Tag Archives: sustainability

Part of a nappy stash

Cloth Nappies – the Full Crunchy

I’m sure it will surprise no-one to hear that we use cloth nappies. They reduce landfill, save money and are all round more environmentally friendly options.  Here is a great article from Which? describing the circumstances under which reusable nappies are 40% better for the environment (unless you use a tumble drier, but I’ve never needed to.)

Part of a mighty nappy stash

I thought I’d pop down a few thoughts on them and how we do it in case anyone is interested.  I’m not really trying to persuade people either way though.  In fact I get sick of all the baby advice articles. Especially those titled “the top 10 baby essentials”, or “the 10 baby items I bought and never used”.  Because whilst I think cloth nappies are better for the environment I think that all parenting choices only come down to two things – does it work for your baby and does it work for you.

Since every parent and every baby is completely different I just don’t see how the top 10 anything can be so universal. My favourite baby advice articles are 1) those which teach you how to find out enough about you and your baby in order to make the right choices and 2) those which freely give hints and tips without making judgements.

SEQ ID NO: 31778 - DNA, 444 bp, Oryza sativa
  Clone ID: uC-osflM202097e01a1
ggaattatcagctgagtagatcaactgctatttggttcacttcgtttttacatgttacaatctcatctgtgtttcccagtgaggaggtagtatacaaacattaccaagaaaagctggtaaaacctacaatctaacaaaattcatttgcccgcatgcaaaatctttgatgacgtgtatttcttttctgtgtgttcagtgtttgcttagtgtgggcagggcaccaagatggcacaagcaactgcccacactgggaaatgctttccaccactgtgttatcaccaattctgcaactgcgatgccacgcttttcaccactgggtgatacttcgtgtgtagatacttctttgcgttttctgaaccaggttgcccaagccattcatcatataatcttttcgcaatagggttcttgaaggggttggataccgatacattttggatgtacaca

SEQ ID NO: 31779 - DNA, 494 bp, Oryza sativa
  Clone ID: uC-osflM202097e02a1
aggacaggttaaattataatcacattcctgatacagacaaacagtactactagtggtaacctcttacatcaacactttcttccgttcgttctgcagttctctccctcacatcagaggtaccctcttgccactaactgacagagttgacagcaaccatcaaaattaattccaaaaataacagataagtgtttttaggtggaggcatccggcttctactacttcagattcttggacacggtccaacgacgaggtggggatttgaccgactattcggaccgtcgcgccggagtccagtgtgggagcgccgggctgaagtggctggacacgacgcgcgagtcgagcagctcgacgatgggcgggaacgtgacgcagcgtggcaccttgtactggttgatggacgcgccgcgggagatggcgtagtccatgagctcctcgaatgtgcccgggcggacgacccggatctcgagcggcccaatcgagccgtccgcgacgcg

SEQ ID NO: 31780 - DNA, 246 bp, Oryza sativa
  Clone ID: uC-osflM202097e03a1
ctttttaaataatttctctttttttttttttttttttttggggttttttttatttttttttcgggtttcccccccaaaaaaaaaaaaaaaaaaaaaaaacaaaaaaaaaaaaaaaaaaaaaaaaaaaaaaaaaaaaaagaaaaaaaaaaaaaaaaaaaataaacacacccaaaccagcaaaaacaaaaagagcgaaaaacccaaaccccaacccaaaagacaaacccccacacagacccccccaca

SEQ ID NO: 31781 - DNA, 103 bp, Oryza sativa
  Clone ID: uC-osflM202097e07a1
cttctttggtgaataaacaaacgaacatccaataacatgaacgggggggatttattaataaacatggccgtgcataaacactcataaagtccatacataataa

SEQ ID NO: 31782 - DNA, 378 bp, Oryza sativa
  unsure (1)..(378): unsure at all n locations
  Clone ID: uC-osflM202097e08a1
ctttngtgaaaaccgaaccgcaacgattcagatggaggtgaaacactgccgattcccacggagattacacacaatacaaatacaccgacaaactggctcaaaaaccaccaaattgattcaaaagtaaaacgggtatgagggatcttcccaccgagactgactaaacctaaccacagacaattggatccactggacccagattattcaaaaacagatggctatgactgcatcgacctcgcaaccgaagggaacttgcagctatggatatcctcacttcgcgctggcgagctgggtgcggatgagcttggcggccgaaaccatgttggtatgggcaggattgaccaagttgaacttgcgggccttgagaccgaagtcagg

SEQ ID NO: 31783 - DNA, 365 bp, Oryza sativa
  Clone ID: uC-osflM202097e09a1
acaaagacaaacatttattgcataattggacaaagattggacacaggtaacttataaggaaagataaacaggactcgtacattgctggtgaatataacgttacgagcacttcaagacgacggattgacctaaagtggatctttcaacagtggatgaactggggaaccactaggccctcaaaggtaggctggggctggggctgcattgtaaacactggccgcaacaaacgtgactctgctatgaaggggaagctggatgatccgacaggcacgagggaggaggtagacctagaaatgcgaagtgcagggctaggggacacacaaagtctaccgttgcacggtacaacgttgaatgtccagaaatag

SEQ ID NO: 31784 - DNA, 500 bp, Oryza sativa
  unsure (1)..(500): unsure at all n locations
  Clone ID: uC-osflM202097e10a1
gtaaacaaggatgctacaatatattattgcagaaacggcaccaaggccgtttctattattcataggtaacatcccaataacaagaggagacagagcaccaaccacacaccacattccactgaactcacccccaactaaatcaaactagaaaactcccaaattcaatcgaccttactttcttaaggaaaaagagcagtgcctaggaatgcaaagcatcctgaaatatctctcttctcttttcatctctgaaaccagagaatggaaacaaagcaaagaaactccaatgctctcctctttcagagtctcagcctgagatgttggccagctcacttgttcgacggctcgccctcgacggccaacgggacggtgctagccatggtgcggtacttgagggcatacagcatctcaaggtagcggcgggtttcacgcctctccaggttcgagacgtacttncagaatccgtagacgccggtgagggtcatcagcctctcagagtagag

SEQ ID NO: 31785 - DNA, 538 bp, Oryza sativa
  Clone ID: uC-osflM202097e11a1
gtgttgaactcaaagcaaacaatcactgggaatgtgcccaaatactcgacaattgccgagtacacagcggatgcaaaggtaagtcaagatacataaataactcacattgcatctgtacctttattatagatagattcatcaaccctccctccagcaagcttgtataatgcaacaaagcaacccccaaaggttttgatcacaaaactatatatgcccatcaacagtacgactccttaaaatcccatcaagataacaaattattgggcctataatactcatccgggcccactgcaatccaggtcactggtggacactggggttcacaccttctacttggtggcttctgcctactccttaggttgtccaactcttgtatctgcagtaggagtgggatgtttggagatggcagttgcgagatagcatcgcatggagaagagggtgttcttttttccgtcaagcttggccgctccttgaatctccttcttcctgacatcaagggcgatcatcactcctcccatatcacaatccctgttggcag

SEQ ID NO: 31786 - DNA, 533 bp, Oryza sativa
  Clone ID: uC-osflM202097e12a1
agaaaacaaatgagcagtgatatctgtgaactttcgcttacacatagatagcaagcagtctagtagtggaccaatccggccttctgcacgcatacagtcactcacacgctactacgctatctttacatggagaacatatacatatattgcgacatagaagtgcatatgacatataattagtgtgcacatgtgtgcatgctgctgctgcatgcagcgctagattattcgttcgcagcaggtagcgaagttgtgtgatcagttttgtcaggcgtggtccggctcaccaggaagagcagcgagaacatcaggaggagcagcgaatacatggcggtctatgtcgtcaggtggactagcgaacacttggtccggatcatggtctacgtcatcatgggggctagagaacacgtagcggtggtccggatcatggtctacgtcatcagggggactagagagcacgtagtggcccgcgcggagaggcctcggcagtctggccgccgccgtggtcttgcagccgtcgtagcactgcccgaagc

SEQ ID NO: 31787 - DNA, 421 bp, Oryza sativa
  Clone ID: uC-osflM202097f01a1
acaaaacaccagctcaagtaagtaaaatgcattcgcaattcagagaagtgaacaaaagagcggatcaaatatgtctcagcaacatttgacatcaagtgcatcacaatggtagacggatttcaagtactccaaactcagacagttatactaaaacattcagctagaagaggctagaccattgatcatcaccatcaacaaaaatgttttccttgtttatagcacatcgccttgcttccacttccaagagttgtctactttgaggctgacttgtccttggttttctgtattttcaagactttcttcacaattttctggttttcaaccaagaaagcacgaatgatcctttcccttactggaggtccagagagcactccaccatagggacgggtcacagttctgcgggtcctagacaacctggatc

We have found reusable nappies to be pretty simple and hugely money saving! But it has only been successful for our circumstances because –

1. We had a lot of practical support and advice from an experienced friend – including many hand me down nappies to get us started.

2. We could afford the start up costs for cloth nappies. We’ve spent about £250 in total on nappies from birth to potty (mostly second hand thanks to Ebay!). You can do it cheaper – we have chosen to have a lot of spare nappies in case of emergencies. I wanted to make sure we weren’t running on fumes at any point.  A significant chunk of money this was used to buy cloth night nappies as normal cloth nappies wouldn’t do it and the only nappies which were absorbent enough were not available second hand.

3.  We have a very easy going and sleepy baby (now an easy going and still pretty sleepy toddler).  Anything else and we could easily have been too frazzled to make it work.

4. We have a lot of space in our house/garden – and cloth nappies need space to dry.  In Summer this is easier than Winter and both are easier than Autumn/Spring.  Why are Autumn/Spring so bad… it is too rainy to put the nappies outside and too warm to put the central heating on.  Drying a bamboo nappy takes AGES under these conditions… that is why we have so many nappies.

5. We both work from home and we both work part time. There is always someone available to take 10 mins to hang out a washing load or put one on.

6. We have solar panels (told you we were crunchy!) and a really energy efficient washing machine.  Any increase in energy use due to the washing machine being on a lot is offset somewhat by the solar energy savings and the more efficient appliance. We only do full washing loads to save energy and it is perfectly ok to put nappies in with your other clothes.